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SpaceX launches robotic Dragon Cargo to ISS before landing at sea

SpaceX’s 21st launch this year is a robotic Dragon Cargo to International Space Station (ISS) on August 29. It is part of the resupply mission to orbiting lab NASA. The rocket lifted offload weighing 4,800 pounds (2,200 kilograms), consisting of supplies, hardware, and scientific experiments. Then booster made recovery on the autonomous drone ship, “A Shortfall of Gravitas”.

SpaceX Falcon 9 Launches Dragon CRS-23 To ISS, 'A Shortfall Of Gravitas' Autonomous Droneship Makes Its Debut Rocket Recovery

Image credits- Tesmanian

After almost 8 minutes, the first stage booster of Flacon 9 landed on the earth with a smooth touch down. The drone ship, “A Shortfall of Gravitas” is SpaceX’s newest autonomous drone ship located in the Atlantic ocean. It can catch the booster and report the booster to the port for later reuse. Andy Tran of SpaceX said during a webcast of the launch, “That is the 90th successful landing of an orbital class rocket and the very first for our newest drone ship, ‘A Shortfall of Gravitas’. What a great way to start today’s mission.”

The booster B1061-4 was used in this launch, which flew to space only three times till now. ASOG supports SpaceX launches through the drone ships, “Of Course I Still Love You” and “Just Read the Instructions”. But this launch didn’t need such assistance. SpaceX continues to be successful with recovering rockets after its launch. It is the same booster that earlier sent crew astronauts to orbit last year and this year. Also, the satellite Sirius SXM-8 was launched through the same booster.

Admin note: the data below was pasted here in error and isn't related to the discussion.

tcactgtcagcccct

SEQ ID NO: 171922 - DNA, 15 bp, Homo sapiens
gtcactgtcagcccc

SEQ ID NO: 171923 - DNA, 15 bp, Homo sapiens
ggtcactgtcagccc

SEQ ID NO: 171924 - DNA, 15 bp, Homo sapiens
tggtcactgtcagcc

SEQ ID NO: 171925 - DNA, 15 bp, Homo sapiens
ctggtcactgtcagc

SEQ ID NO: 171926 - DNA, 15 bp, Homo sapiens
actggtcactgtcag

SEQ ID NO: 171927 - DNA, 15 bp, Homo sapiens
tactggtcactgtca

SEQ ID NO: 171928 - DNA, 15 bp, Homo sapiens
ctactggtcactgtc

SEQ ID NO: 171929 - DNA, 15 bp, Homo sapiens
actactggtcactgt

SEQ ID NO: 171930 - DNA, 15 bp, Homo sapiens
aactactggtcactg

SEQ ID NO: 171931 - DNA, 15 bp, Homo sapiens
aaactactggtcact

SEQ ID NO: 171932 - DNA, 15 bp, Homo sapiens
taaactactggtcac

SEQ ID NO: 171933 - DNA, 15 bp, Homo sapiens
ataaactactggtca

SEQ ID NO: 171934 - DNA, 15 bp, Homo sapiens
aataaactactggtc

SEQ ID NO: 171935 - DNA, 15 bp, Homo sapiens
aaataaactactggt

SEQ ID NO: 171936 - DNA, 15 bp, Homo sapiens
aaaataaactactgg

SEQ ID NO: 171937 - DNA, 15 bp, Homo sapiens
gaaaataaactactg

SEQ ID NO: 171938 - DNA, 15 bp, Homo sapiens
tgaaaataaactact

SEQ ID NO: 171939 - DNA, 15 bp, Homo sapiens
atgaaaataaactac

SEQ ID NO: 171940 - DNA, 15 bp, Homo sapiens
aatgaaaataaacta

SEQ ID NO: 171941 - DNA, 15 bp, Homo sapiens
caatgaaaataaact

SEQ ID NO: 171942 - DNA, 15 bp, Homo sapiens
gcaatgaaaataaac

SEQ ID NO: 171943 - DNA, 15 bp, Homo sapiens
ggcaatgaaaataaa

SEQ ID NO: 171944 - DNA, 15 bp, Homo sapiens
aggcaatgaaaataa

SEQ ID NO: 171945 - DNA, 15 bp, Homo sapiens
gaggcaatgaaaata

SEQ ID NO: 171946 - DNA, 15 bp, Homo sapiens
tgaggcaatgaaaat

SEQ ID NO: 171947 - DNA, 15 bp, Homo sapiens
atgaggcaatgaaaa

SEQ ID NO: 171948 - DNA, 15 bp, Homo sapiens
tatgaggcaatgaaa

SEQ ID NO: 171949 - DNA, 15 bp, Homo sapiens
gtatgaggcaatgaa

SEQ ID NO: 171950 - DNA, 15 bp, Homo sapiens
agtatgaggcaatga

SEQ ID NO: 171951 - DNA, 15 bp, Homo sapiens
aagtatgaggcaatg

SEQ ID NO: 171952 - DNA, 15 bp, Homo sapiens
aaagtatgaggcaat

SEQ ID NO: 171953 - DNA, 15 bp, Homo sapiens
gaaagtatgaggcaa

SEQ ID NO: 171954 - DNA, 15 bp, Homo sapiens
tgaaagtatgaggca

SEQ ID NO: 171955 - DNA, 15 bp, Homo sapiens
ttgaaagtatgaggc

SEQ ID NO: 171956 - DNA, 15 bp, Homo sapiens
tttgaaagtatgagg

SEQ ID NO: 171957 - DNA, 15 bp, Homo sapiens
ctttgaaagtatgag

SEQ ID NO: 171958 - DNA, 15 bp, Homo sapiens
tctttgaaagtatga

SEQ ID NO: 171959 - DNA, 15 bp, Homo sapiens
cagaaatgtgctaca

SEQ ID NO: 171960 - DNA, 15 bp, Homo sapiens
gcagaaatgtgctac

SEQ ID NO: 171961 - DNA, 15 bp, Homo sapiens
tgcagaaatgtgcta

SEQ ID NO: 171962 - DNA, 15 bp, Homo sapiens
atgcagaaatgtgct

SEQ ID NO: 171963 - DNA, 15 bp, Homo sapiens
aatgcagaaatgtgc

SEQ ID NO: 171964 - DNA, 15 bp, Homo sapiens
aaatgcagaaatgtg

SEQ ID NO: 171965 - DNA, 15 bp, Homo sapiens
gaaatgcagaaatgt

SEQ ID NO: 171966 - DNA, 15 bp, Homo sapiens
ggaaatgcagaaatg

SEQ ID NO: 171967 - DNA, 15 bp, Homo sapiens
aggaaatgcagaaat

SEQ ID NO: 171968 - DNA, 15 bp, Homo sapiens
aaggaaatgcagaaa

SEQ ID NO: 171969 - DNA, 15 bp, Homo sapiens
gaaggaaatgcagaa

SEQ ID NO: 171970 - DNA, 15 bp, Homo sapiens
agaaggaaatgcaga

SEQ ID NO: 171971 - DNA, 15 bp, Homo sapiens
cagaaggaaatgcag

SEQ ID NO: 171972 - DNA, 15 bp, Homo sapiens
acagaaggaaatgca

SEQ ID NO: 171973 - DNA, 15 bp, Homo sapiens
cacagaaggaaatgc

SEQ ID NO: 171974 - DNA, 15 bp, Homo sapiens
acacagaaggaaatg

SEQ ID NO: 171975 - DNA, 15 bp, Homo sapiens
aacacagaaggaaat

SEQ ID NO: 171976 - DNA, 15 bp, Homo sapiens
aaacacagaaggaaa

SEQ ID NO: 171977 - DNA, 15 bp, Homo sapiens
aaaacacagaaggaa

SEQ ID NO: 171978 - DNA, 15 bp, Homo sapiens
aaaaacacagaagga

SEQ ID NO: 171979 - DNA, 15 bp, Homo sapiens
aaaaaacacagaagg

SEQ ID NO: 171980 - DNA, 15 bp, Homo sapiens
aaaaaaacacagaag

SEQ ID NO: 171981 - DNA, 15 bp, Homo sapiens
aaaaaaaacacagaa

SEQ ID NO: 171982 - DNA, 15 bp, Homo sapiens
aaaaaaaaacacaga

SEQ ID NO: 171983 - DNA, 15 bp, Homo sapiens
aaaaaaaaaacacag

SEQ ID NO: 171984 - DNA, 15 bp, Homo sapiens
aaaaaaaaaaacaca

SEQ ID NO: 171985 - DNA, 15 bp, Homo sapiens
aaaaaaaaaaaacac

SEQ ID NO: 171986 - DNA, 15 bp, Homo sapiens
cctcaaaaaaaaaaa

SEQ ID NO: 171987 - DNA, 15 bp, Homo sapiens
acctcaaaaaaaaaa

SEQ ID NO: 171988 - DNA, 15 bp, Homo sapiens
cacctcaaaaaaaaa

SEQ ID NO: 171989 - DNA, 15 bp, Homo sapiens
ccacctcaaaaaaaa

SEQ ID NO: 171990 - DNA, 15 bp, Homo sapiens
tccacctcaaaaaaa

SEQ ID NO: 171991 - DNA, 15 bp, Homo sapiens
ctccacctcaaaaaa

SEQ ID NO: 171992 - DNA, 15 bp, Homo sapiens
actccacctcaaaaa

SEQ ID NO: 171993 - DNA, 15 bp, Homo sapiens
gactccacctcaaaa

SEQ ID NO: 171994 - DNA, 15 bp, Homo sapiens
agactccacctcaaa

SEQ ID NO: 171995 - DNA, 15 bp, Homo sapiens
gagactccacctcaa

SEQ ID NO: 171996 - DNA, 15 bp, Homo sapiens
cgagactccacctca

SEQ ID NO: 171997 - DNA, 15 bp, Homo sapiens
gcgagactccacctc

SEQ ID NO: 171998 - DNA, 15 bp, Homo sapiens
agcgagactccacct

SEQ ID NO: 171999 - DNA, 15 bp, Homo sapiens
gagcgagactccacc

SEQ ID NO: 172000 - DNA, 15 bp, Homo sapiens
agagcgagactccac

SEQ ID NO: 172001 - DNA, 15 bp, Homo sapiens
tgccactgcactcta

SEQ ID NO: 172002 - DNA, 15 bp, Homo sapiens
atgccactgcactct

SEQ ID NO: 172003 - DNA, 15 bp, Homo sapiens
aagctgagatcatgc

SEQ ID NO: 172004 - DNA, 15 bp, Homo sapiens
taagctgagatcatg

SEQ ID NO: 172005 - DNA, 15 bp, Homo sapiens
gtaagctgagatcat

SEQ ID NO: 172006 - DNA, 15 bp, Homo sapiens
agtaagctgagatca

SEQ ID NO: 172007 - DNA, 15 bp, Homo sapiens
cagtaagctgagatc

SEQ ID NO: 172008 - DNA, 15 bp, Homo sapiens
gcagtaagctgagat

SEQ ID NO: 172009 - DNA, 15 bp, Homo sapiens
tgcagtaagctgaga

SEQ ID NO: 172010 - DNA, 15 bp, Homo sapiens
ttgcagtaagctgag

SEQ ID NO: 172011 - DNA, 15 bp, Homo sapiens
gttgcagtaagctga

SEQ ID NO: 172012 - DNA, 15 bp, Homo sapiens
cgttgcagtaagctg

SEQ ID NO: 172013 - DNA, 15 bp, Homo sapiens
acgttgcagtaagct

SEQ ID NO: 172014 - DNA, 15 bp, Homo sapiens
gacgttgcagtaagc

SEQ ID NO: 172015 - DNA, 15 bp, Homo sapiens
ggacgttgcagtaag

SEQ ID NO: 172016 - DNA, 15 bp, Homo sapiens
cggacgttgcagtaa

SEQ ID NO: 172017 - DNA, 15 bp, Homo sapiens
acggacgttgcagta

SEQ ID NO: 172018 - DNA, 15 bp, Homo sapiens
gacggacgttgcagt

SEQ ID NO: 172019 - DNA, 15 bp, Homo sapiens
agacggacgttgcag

Cargo details

The cargo being sent to the ISS was named, “A treasure trove of science investigations”. It also includes a robotic arm, which is yet to be tested in the ISS newest airlock. In the testing process, the arm will be flipping, twisting, and other movements. It is an attempt to be able to do the routine tasks done by astronauts on regular basis.

Other interesting payload includes medical payloads which would even help people on earth. One such payload is the Nanofluidic Implant Communication Experiment (NICE). The new drug delivery service will be tested out in the ISS. It is a tiny implant that, if successful, could change the way how humans are treated. Because that is a device inserted in a human’s arm and gives the drug as scheduled thus allowing the humans to go on about their lives.

Another experiment called MISSE-15 takes various items or materials and sees how they respond to different space environments. It is specifically focused on materials that endure harsh environments. It sees the potential to build a new spacecraft.

Montalbano said during a prelaunch news conference on Friday, “We’re sending up a good amount of fruit. We have lemons, onions, some avocados, some cherry tomatoes, and also some ice cream. That’s a big hit with our crew.”




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